Falling in love with the enemy is the ultimate act of betrayal…
1917. A farm girl from Cavan, Veronica McDermott is desperate to find more to life than peeling potatoes. Persuading her family to let her stay with her aunt and uncle in Dublin so she can attend secretarial college, she has no idea what she is getting into. Recruited by Fr Michael O’Flanagan to type for Eamon De Valera, Veronica is soon caught up in the danger and intrigue of those fighing for Ireland’s independence from Britain.
The attentions of a handsome British soldier, Major Harry Fairfax, do not go unnoticed by Veronica’s superiors. But when Veronica is tasked with earning his affections to gather intelligence for Sinn Féin, it isn’t long before her loyalty to her countrymen and her feelings for Harry are in conflict. To choose one is to betray the other…
Inspired by real life events and marking the centenary of the end of the War of Independence, Dublin’s Girl is a thrilling historical debut from an exciting new Irish voice.
Don’t let the cover of Dublin’s Girl fool you, this was anything but a simple love story. It was the story of a nation that fought for independence, of a young women who found herself unwittingly involved in the struggle risking her own life for the love of her country.
Lawlor’s Veronica was a naive country girl, thrust onto the streets of Dublin, as she embarked on her secretarial course and a more exciting life. What she and the reader did not expect was just how exciting and indeed dangerous her new life would become. Handpicked by Father O’Flanagan to type for Sinn Fein activist Eamon De Valera she got a whole lot more than she bargained for. It opened up a world of police raids, of soldiers on streets, of subversive manoeuvres by Sinn Fein, and a whole gamut of political rhetoric from both sides.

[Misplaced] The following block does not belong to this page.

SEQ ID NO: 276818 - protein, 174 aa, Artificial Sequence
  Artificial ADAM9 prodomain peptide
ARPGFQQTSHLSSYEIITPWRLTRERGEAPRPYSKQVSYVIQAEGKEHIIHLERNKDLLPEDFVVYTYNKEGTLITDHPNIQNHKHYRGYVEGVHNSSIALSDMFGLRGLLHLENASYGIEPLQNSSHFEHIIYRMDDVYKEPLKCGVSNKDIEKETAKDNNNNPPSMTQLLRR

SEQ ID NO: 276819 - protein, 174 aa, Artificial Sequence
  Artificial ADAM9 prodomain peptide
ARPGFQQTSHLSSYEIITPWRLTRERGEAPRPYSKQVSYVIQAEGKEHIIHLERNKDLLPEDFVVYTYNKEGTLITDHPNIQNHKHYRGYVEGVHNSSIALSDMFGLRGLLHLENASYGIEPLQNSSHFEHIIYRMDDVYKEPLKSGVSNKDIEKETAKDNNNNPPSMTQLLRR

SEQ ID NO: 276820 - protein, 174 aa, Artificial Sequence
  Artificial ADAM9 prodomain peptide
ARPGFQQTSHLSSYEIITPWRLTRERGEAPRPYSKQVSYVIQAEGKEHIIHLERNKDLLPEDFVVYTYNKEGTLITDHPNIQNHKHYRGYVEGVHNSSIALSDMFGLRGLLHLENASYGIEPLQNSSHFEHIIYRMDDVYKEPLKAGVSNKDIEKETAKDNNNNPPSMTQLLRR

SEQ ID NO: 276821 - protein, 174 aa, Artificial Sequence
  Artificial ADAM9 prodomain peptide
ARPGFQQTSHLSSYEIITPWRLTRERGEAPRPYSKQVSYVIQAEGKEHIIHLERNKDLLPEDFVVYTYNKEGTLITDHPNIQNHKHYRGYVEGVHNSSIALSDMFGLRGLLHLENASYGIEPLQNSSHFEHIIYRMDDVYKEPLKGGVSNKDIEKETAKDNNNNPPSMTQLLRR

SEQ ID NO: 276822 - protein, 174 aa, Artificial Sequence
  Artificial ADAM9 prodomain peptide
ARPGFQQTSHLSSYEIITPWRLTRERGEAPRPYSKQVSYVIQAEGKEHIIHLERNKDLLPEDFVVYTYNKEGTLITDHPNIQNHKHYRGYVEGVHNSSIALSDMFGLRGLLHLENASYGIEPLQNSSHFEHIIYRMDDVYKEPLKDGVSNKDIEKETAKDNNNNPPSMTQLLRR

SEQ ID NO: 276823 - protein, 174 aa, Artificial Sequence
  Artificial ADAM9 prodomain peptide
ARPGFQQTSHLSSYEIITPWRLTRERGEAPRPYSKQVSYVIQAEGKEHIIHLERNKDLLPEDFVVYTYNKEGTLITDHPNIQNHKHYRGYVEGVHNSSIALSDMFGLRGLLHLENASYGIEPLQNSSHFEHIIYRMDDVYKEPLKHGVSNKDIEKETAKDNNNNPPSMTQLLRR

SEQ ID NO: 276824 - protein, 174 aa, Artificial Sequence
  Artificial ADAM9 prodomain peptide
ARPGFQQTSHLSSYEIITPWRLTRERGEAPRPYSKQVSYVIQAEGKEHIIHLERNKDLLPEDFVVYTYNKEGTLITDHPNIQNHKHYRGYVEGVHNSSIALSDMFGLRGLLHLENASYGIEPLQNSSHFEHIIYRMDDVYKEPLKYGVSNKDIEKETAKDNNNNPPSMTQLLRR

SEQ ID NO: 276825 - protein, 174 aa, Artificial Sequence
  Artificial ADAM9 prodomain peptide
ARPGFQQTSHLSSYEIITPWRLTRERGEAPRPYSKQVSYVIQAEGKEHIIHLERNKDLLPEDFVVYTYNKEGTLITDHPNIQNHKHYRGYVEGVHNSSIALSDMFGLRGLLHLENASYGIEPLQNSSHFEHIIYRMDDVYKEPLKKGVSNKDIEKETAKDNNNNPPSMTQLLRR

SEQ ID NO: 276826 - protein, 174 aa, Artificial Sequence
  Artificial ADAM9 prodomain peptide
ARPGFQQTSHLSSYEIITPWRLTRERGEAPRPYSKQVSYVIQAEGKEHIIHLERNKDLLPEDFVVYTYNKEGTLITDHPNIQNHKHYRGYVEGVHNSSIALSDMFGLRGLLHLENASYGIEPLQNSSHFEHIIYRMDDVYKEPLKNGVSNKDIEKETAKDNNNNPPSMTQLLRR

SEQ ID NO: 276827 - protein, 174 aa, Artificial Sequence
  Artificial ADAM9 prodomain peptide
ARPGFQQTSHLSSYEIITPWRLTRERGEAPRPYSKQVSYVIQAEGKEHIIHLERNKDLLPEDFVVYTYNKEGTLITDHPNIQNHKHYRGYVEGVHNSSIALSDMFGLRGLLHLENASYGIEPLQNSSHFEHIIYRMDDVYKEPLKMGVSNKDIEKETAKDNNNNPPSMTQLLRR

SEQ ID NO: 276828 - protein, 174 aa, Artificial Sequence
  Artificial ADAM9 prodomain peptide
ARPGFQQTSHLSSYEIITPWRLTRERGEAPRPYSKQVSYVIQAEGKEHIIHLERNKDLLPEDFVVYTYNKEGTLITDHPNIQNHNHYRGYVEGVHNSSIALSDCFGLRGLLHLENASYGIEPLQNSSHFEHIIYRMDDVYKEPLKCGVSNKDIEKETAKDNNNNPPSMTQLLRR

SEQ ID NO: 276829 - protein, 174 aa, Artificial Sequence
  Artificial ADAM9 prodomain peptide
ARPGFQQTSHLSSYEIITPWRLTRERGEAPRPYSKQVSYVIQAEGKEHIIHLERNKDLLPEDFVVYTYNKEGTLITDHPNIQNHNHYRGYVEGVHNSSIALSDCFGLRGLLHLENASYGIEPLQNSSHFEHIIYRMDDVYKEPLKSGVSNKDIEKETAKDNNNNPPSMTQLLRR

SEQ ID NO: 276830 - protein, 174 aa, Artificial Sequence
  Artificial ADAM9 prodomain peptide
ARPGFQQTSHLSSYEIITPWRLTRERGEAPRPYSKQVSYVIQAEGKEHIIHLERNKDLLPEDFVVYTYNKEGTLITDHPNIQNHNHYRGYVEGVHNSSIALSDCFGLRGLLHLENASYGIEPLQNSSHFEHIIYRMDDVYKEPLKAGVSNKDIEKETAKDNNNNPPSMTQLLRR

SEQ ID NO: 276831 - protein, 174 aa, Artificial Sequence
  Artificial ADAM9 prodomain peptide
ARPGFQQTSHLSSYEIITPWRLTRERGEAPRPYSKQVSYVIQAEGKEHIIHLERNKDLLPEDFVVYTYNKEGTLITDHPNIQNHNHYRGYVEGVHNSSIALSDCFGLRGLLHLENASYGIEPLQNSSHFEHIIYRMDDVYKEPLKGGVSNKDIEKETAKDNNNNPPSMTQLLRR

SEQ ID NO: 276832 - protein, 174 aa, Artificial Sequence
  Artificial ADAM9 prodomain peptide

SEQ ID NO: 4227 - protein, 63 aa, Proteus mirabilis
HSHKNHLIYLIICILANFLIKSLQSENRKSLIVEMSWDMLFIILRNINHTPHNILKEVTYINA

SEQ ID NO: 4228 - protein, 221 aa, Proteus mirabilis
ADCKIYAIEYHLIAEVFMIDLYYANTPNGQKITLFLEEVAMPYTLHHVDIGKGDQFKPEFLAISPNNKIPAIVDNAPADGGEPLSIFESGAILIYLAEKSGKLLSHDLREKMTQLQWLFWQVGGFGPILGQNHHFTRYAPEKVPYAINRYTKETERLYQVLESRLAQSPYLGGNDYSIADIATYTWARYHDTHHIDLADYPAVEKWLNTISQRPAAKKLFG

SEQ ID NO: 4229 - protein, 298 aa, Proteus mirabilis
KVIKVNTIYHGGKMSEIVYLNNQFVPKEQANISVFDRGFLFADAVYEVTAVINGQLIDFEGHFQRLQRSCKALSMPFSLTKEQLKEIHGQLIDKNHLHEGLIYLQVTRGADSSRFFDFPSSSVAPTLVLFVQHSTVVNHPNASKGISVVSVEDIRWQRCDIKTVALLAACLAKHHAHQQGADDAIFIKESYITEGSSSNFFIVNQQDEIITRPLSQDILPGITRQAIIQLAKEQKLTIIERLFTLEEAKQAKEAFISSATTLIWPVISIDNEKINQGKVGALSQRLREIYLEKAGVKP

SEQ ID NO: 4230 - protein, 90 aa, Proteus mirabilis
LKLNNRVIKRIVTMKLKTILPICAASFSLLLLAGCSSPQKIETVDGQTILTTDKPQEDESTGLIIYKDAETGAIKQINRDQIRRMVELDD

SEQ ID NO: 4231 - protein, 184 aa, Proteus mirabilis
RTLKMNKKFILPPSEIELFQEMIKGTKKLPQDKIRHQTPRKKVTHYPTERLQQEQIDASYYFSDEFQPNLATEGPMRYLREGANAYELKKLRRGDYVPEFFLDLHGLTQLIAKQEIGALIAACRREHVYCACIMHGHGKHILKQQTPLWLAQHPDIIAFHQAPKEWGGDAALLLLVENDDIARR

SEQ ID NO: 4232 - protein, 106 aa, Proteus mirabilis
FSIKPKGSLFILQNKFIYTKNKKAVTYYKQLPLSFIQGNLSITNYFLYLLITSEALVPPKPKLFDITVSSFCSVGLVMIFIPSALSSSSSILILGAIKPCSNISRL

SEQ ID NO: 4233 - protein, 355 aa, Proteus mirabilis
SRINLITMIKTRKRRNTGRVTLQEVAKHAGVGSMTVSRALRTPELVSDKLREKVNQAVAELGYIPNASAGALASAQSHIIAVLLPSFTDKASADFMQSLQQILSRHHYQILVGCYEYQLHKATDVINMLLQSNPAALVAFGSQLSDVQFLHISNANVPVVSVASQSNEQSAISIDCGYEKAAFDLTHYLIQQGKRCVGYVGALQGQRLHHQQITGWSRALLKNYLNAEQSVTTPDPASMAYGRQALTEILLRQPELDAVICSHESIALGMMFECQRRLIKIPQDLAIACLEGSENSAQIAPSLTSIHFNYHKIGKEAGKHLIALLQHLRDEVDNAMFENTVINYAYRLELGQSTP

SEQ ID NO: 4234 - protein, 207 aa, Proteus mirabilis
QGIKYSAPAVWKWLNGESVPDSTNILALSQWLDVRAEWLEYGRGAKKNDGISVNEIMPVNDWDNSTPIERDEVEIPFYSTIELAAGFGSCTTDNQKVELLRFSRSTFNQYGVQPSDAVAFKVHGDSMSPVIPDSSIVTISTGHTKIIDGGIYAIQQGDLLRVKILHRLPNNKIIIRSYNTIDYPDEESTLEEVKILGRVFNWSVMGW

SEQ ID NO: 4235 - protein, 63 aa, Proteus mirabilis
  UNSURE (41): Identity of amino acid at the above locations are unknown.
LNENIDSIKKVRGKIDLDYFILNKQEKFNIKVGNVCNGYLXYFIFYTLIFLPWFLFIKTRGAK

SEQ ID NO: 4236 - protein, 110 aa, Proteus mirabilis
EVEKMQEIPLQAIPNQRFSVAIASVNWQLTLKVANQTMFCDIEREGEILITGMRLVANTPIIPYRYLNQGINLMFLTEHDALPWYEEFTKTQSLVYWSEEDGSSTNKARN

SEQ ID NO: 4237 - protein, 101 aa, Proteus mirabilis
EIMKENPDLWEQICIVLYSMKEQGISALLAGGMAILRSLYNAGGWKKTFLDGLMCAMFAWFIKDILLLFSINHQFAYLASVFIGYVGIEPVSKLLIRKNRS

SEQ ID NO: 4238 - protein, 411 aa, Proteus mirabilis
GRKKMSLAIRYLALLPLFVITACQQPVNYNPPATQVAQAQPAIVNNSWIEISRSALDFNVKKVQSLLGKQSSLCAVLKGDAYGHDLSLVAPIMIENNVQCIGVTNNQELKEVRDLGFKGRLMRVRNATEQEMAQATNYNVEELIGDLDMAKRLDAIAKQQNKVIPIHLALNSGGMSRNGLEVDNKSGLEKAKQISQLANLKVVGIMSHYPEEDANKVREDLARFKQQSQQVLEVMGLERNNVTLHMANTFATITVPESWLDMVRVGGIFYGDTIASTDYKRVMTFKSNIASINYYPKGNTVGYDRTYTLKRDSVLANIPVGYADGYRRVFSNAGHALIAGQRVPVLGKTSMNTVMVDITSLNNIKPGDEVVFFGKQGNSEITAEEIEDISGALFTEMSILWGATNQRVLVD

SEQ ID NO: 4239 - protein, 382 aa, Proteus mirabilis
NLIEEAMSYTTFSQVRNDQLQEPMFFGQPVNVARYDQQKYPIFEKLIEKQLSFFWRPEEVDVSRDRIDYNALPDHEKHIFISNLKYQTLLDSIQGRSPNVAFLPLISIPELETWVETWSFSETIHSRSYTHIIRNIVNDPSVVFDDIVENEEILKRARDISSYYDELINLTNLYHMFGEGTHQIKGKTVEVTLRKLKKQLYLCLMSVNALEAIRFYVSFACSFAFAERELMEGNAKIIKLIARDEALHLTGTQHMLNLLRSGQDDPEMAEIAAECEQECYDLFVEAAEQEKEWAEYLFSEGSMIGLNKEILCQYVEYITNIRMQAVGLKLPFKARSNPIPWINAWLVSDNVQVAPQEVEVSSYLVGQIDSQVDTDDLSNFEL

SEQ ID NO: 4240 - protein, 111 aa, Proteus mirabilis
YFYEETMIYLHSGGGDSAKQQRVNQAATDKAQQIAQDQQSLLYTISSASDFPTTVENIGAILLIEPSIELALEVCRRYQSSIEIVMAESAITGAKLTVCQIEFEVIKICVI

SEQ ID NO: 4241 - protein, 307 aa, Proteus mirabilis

I found it fascinating, as I didn’t know much of Southern Ireland’s history after the first world war and what was even more remarkable was the brutality from both sides as they each fought for what they thought was their right.
I liked that Lawlor chose to look at the conflict from a woman’s perspective, and the role and impact they had. Who would have thought a typist would play should a pivotal role?
That pivotal role was further expanded when Veronica met Major Harry Fairfax, a chance meeting that put her in further danger, but a danger that she was willing to take as something else began to grow between them. Lawlor explored Veronica’s dilemma as her affections for Harry overtook the danger, as she had to weigh up the consequences of falling in love with the so called enemy. There were illicit meetings in tea shops, in seaside towns, the frowns and looks of disgust from those around them, long separations when you wondered if Harry felt the same or just using her to get to the rebels.
Lawlor skillfully turned the screws, as the clashes between the two sides escalated and Veronica found herself where no woman wished to be. I held my breath as I waited to see what Lawlor would do, if Harry would be the gentleman and hero I so wanted him to be. Now, there is no way I am going to spoil the ending and let on what happened, and you will just have to buy of borrow Dublin’s Girl and find out for yourselves
As an aside please read the story behind the novel, as it was equally fascinating when you discovered that Lawlor’s great aunt was the real typist to Eamon De Valera.
I would like to thank Aria Fiction for a copy of Dublin’s Girl to read and review and to Vicky Joss for inviting My Bookish Blogspot to participate in the blogtour.
About the author
Dublin’s Girl is Eimear Lawlor’s first novel and inspired by the true story of her great aunt who typed for Eamon De Valera. She lives with her family in Kilkenny.
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